McGinley's painting featured the Roll of Honour with attention paid to the States' overall advantage in order to flip the Europeans' mission: this wasn't about staying at the top as they weren't even there yet. This, McGinley says, was inspired by Alex Ferguson's chase of Liverpool's eighteen league titles.

Nonetheless, had things worked out differently, McGinley may be more familiar with the harsh Sunday sunlight above the Croke Park grass than he is with the soft spotlights of the Hogan Suite. But McGinley is very comfortable here, he is a fantastic communicator and organiser with a very clear passion and deep knowledge of the GAA.


Given that he has a degree in International Business from the University of San Diego, California along with a diploma in Marketing from DIT, we engage in some fantasy. (Granted, the GAA have recently removed the need for a business qualification for the vacant role).

What if Paul McGinley were the next Director-General of the GAA? What would he change? If anything?

But first, his opinion of where the GAA is currently at. Has the GAA become too commercial? Has it strayed too far from its roots?

As much as I understand the point you’re making, and it would be great to hark back to the good old days, you have to move into the modern world. Whether you like it or not, the modern world is one of commerciality and a changing consumer.

There is a changing dynamic for the kids who are going to be playing the GAA in the future, whose influences will be very different than they were for me growing up.

So the GAA needs to interact with these kids, and not just online, but at club level. If you go to a rugby club or a soccer club and they have cutting-edge technology and cutting-edge gear, where everything is great, and shiny, and the coaching is great and really, really on the money, and then they go to the GAA club and everything is second or third-rate, then that doesn’t paint the GAA in a good light.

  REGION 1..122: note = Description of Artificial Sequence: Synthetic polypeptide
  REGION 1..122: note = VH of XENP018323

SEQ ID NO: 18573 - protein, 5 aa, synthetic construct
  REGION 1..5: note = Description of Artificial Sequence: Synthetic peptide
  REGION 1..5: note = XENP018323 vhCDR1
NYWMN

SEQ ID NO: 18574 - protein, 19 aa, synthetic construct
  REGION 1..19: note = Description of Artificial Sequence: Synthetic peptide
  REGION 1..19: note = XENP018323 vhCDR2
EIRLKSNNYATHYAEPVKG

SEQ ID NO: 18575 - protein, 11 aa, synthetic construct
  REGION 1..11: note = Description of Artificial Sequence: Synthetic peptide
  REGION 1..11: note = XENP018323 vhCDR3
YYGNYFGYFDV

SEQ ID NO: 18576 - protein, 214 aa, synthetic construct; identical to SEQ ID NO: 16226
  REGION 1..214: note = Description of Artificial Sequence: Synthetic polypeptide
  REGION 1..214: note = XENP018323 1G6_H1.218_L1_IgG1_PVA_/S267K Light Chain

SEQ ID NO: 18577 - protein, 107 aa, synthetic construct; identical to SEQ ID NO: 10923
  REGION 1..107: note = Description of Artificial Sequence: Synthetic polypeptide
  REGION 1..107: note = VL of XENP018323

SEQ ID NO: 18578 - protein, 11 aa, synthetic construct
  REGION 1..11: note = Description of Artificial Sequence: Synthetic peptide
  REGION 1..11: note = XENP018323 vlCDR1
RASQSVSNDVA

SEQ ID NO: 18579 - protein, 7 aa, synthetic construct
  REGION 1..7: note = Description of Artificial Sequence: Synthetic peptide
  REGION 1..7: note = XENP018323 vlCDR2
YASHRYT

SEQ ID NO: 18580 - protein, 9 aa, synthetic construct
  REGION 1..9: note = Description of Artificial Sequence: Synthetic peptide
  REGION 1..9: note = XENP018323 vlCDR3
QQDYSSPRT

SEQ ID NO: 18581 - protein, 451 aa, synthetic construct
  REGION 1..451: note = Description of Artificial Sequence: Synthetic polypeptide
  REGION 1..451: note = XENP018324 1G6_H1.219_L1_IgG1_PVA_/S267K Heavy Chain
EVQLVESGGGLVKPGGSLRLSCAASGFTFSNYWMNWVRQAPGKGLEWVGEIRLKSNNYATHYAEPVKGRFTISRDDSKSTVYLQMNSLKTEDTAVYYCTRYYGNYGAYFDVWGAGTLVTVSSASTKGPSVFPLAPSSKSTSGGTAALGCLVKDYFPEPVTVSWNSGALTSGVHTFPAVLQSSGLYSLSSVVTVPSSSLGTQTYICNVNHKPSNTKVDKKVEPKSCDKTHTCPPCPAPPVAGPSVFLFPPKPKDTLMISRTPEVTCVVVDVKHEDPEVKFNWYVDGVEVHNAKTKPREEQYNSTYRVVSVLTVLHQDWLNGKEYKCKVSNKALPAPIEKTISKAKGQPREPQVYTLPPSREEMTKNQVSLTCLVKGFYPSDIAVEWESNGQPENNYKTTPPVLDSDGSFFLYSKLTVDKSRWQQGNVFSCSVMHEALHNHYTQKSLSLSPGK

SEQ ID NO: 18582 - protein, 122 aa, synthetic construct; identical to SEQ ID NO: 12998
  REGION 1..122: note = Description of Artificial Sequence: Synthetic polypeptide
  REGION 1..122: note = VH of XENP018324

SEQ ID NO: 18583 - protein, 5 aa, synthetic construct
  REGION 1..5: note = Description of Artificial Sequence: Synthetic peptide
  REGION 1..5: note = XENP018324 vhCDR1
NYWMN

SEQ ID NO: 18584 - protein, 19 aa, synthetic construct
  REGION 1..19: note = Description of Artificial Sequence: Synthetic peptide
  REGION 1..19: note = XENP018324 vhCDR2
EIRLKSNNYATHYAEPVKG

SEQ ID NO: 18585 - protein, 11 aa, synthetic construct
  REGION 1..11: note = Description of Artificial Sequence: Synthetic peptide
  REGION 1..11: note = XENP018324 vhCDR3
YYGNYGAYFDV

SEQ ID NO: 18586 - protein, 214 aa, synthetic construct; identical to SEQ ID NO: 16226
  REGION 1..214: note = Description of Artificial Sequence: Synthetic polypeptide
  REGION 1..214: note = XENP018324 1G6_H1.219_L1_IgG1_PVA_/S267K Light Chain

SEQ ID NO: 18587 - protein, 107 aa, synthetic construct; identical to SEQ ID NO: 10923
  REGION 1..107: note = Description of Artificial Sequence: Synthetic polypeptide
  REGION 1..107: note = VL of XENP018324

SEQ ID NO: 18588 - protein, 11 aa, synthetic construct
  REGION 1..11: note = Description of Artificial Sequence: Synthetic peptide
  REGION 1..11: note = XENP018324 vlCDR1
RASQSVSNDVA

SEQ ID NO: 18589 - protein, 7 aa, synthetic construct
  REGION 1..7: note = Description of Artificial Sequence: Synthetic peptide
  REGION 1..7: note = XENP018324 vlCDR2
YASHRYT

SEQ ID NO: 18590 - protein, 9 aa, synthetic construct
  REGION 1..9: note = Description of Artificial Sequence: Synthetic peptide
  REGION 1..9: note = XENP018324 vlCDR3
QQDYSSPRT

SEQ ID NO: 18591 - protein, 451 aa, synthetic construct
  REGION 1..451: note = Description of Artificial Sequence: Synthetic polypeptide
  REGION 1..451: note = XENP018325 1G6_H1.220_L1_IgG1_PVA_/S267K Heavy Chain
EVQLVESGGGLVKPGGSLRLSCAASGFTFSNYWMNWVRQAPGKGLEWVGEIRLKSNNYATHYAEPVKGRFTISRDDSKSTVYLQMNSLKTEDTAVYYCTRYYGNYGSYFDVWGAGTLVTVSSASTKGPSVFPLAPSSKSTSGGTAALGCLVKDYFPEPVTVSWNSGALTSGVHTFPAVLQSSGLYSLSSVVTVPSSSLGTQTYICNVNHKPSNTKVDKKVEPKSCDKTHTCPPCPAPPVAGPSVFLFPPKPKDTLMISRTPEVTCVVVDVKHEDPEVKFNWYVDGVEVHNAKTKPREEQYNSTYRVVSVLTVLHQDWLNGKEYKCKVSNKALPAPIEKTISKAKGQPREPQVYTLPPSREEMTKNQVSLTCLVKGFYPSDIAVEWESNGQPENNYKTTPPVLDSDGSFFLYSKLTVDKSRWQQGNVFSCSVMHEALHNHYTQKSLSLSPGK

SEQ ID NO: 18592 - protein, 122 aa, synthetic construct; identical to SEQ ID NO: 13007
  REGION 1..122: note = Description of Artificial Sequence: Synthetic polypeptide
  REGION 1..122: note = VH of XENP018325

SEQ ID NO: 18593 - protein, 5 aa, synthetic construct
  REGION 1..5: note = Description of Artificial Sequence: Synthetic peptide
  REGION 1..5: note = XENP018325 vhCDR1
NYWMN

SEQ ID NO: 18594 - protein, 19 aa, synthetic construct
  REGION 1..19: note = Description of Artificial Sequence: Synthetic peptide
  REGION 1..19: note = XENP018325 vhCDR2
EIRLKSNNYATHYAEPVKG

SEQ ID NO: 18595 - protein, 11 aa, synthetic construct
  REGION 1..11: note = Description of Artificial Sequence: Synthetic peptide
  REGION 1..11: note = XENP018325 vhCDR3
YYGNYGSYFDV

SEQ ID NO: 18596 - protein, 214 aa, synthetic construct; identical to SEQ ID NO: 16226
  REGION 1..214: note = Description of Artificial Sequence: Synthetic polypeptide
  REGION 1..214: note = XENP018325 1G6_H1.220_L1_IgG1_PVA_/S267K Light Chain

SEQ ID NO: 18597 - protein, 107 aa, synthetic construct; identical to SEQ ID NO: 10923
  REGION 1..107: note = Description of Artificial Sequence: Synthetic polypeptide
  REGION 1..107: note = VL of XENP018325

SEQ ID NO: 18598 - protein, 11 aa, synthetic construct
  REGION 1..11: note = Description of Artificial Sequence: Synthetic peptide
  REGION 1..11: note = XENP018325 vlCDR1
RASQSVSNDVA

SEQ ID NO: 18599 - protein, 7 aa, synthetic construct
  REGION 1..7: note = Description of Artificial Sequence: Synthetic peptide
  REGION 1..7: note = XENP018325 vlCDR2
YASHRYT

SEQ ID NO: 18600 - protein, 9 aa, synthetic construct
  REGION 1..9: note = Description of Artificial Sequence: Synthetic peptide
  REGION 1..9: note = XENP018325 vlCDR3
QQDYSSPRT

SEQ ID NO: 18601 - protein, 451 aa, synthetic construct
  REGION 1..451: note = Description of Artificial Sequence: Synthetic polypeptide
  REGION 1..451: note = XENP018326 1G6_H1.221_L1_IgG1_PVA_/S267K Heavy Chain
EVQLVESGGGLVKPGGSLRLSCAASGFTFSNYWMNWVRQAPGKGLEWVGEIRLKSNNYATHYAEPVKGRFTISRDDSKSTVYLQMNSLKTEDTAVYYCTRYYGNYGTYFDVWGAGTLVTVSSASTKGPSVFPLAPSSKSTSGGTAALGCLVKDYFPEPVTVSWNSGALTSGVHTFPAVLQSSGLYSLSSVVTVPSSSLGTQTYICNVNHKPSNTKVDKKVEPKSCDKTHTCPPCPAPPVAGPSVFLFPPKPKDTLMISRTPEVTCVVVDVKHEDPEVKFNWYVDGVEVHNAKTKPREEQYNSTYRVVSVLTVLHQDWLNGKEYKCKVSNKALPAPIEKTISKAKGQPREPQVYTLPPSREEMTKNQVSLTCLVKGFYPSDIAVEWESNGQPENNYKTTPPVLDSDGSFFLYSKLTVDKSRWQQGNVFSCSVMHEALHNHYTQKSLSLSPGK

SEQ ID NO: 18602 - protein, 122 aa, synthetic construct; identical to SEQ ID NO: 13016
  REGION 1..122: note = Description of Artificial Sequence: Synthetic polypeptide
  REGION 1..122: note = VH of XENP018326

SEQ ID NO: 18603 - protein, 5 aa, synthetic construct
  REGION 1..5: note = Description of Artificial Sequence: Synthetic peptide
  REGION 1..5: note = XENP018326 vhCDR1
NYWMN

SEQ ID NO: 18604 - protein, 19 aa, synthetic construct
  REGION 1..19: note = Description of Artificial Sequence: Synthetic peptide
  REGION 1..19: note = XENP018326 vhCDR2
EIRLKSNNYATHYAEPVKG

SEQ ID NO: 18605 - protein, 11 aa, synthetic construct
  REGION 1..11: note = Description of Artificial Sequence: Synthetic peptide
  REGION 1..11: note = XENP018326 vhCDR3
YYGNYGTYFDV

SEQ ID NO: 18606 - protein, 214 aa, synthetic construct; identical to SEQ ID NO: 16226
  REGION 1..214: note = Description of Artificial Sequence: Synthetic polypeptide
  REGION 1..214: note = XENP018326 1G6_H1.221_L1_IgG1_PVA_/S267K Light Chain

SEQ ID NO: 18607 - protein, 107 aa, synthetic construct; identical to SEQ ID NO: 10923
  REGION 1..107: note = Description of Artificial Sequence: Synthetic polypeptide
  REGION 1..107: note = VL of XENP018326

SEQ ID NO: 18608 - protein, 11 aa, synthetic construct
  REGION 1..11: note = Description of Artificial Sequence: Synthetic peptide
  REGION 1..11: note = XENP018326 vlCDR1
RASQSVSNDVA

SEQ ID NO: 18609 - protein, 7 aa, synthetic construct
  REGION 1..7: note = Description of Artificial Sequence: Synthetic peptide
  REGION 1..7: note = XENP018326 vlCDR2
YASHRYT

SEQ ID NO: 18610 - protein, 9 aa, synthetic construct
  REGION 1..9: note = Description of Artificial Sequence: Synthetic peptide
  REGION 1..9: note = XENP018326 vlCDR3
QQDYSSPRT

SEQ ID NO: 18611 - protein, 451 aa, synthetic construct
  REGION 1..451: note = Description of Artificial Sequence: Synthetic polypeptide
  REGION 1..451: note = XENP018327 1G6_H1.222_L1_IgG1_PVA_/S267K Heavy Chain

So if you don’t have a commercial side to it, and bringing in money, then it’s very, very hard to go to that level. So there’s got to be a balance there.

Therefore, McGinley the Director-General wouldn't change too much. He gives the question plenty of thought, pausing at length before answering.

I don’t think that the [current] path is way off where it needs to be. I can understand that the commerciality of the GAA has to be part of its future. And if it's not, you’re going to lose players, and kids coming through. So it’s trying to align people who don’t see that and trying to bring them on side.

That’s really important, the last thing you want is a faction within the GAA, where a group of people see it one way and the executive see it another way.

The most important thing: to unify.


Away from the vagaries of the role, he speaks with easy clarity on some of the other issues afflicting Gaelic games today. Engagement with the media, he says, is vitally important and would encourage players to do so. With one caveat.